* Indonesia is reviewing its palm oil levy -minister
* Govt to discuss adjustment in next two months (Recasts on minister comment that levy cut is still being considered; adds comment, background)
NUSA DUA, Indonesia, Nov 1 (Reuters) - Indonesia is considering reducing its levy on palm oil exports, a government minister said on Thursday, as the nation pushes to maintain its position in international markets for the commodity.
Indonesia’s coordinating minister for economic affairs, Darmin Nasution, said during a speech at an industry conference in Indonesia that an “adjustment” to the levy was among steps to be taken by the government, although he later told reporters that this was still being discussed.
“We don’t have final position yet,” Nasution said on the sidelines of the event on the island of Bali.
“We have to calculate that carefully. We don’t want lowering it only to result in lower prices.”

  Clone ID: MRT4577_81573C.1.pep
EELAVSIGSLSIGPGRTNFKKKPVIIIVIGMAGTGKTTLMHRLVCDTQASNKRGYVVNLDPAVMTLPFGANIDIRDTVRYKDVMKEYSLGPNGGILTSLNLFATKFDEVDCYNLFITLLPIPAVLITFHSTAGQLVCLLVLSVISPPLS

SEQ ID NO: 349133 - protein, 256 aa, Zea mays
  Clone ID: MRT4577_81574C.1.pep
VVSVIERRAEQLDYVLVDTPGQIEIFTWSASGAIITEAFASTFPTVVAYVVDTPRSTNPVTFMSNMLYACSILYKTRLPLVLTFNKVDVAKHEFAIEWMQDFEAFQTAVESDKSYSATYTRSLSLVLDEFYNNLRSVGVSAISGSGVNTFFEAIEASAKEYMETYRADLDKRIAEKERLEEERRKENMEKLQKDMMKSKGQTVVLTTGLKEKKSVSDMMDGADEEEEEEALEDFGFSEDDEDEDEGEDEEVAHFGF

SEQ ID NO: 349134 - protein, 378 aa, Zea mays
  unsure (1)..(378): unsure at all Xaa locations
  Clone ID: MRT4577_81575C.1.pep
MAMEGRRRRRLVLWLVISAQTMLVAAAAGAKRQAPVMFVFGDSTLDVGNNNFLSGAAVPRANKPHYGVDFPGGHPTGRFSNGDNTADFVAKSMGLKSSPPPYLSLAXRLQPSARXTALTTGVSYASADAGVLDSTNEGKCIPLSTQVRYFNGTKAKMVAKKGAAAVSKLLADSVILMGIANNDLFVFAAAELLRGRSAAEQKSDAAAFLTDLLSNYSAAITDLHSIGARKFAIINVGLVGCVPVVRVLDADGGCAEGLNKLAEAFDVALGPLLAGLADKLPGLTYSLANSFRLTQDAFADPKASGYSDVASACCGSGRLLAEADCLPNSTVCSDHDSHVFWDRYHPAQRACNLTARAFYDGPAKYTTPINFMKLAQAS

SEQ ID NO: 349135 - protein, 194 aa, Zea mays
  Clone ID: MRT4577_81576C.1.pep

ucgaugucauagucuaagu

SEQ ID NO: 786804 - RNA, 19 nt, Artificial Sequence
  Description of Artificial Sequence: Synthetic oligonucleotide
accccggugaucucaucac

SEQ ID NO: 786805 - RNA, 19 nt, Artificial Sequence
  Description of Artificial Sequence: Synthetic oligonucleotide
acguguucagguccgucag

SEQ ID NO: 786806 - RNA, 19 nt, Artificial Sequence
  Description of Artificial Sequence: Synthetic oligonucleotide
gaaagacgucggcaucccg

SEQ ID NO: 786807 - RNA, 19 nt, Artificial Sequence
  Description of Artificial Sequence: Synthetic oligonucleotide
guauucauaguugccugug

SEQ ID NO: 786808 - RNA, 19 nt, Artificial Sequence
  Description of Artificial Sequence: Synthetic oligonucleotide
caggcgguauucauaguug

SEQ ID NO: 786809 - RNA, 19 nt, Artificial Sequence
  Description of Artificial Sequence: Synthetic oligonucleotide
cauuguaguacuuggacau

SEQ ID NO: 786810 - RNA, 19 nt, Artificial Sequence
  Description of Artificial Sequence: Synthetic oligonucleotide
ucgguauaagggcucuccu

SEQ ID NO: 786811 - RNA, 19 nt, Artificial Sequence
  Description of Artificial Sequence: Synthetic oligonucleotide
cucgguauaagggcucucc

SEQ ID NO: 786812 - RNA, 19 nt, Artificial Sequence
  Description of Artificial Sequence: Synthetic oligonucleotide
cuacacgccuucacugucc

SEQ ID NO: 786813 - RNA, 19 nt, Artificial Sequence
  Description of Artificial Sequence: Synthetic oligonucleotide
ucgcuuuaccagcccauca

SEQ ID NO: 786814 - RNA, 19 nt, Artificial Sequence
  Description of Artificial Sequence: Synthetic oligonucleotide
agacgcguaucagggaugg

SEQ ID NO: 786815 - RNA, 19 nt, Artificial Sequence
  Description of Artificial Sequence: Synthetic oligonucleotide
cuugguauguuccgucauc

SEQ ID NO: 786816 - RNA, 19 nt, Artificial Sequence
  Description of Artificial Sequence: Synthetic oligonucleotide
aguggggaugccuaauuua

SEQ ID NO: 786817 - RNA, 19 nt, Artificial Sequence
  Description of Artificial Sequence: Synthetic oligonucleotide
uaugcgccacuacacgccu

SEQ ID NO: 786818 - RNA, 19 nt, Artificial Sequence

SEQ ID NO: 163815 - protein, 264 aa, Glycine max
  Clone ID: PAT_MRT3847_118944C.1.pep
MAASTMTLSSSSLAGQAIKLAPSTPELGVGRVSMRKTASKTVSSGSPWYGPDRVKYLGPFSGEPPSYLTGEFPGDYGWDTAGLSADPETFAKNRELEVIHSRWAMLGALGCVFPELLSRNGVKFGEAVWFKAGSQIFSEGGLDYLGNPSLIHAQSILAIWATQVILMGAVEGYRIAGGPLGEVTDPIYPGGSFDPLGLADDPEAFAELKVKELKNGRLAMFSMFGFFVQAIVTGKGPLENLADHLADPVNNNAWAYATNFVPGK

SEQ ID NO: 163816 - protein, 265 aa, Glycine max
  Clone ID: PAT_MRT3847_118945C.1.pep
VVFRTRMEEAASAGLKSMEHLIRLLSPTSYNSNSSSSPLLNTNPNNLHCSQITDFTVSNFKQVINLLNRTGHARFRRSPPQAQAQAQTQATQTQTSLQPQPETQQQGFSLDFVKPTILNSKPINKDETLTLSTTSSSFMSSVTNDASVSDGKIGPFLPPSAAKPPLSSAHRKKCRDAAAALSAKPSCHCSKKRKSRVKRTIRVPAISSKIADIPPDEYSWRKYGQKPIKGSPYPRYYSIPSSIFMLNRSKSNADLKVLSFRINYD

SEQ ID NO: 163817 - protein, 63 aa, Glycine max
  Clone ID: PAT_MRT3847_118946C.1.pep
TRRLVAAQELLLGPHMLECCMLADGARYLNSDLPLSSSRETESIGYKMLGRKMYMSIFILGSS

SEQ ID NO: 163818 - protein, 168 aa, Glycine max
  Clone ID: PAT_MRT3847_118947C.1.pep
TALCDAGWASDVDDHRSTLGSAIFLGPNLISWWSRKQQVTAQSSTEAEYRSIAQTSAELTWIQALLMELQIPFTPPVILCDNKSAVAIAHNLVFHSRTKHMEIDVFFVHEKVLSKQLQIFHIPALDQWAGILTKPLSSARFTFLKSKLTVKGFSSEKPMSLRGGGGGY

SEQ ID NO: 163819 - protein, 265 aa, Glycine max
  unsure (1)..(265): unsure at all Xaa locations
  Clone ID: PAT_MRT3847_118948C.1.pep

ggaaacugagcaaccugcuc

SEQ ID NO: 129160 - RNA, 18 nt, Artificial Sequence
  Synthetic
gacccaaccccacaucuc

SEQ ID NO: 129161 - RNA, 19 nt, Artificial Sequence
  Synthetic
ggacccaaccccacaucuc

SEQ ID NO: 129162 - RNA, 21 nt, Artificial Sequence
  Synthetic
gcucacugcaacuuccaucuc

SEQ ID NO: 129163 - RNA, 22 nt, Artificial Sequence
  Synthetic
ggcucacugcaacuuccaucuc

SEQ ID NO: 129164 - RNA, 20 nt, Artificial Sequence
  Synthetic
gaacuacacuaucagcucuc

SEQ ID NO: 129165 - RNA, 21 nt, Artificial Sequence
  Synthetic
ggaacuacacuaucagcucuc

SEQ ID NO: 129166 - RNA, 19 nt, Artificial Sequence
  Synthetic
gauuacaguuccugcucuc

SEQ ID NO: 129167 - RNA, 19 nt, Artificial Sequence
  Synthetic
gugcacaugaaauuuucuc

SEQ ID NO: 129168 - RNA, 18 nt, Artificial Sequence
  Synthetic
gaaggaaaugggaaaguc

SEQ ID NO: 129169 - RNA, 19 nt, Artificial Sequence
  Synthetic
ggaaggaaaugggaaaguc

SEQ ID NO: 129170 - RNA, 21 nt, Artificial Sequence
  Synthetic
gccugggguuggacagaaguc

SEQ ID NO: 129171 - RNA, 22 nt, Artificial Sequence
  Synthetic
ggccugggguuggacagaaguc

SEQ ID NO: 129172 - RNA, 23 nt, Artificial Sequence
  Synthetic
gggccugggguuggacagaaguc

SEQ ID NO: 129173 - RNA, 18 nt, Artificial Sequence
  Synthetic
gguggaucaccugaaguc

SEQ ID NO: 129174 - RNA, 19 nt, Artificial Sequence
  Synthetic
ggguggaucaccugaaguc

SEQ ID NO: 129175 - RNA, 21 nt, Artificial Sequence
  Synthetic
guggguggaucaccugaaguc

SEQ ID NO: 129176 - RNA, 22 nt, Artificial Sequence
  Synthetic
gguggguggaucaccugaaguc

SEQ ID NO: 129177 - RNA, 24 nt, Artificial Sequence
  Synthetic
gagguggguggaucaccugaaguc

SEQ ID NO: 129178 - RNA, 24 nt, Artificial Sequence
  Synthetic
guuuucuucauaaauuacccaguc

Indonesia, the world’s top producer of the commodity, currently imposes a levy of up to $50 per tonne on various palm oil products.
Indonesia’s palm oil association, GAPKI, said last week that it had proposed cutting the palm oil export levy by $20 per tonne until prices of the vegetable oil reach $700 per tonne.
The government’s reference price for crude palm oil has stayed below $750 per tonne for over a year.
Nasution said the government would discuss the levy adjustment intensively over the next two months, hoping to reach a decision around year-end. (Reporting by Fransiska Nangoy and Bernadette Christina Munthe; Editing by Kenneth Maxwell and Joseph Radford)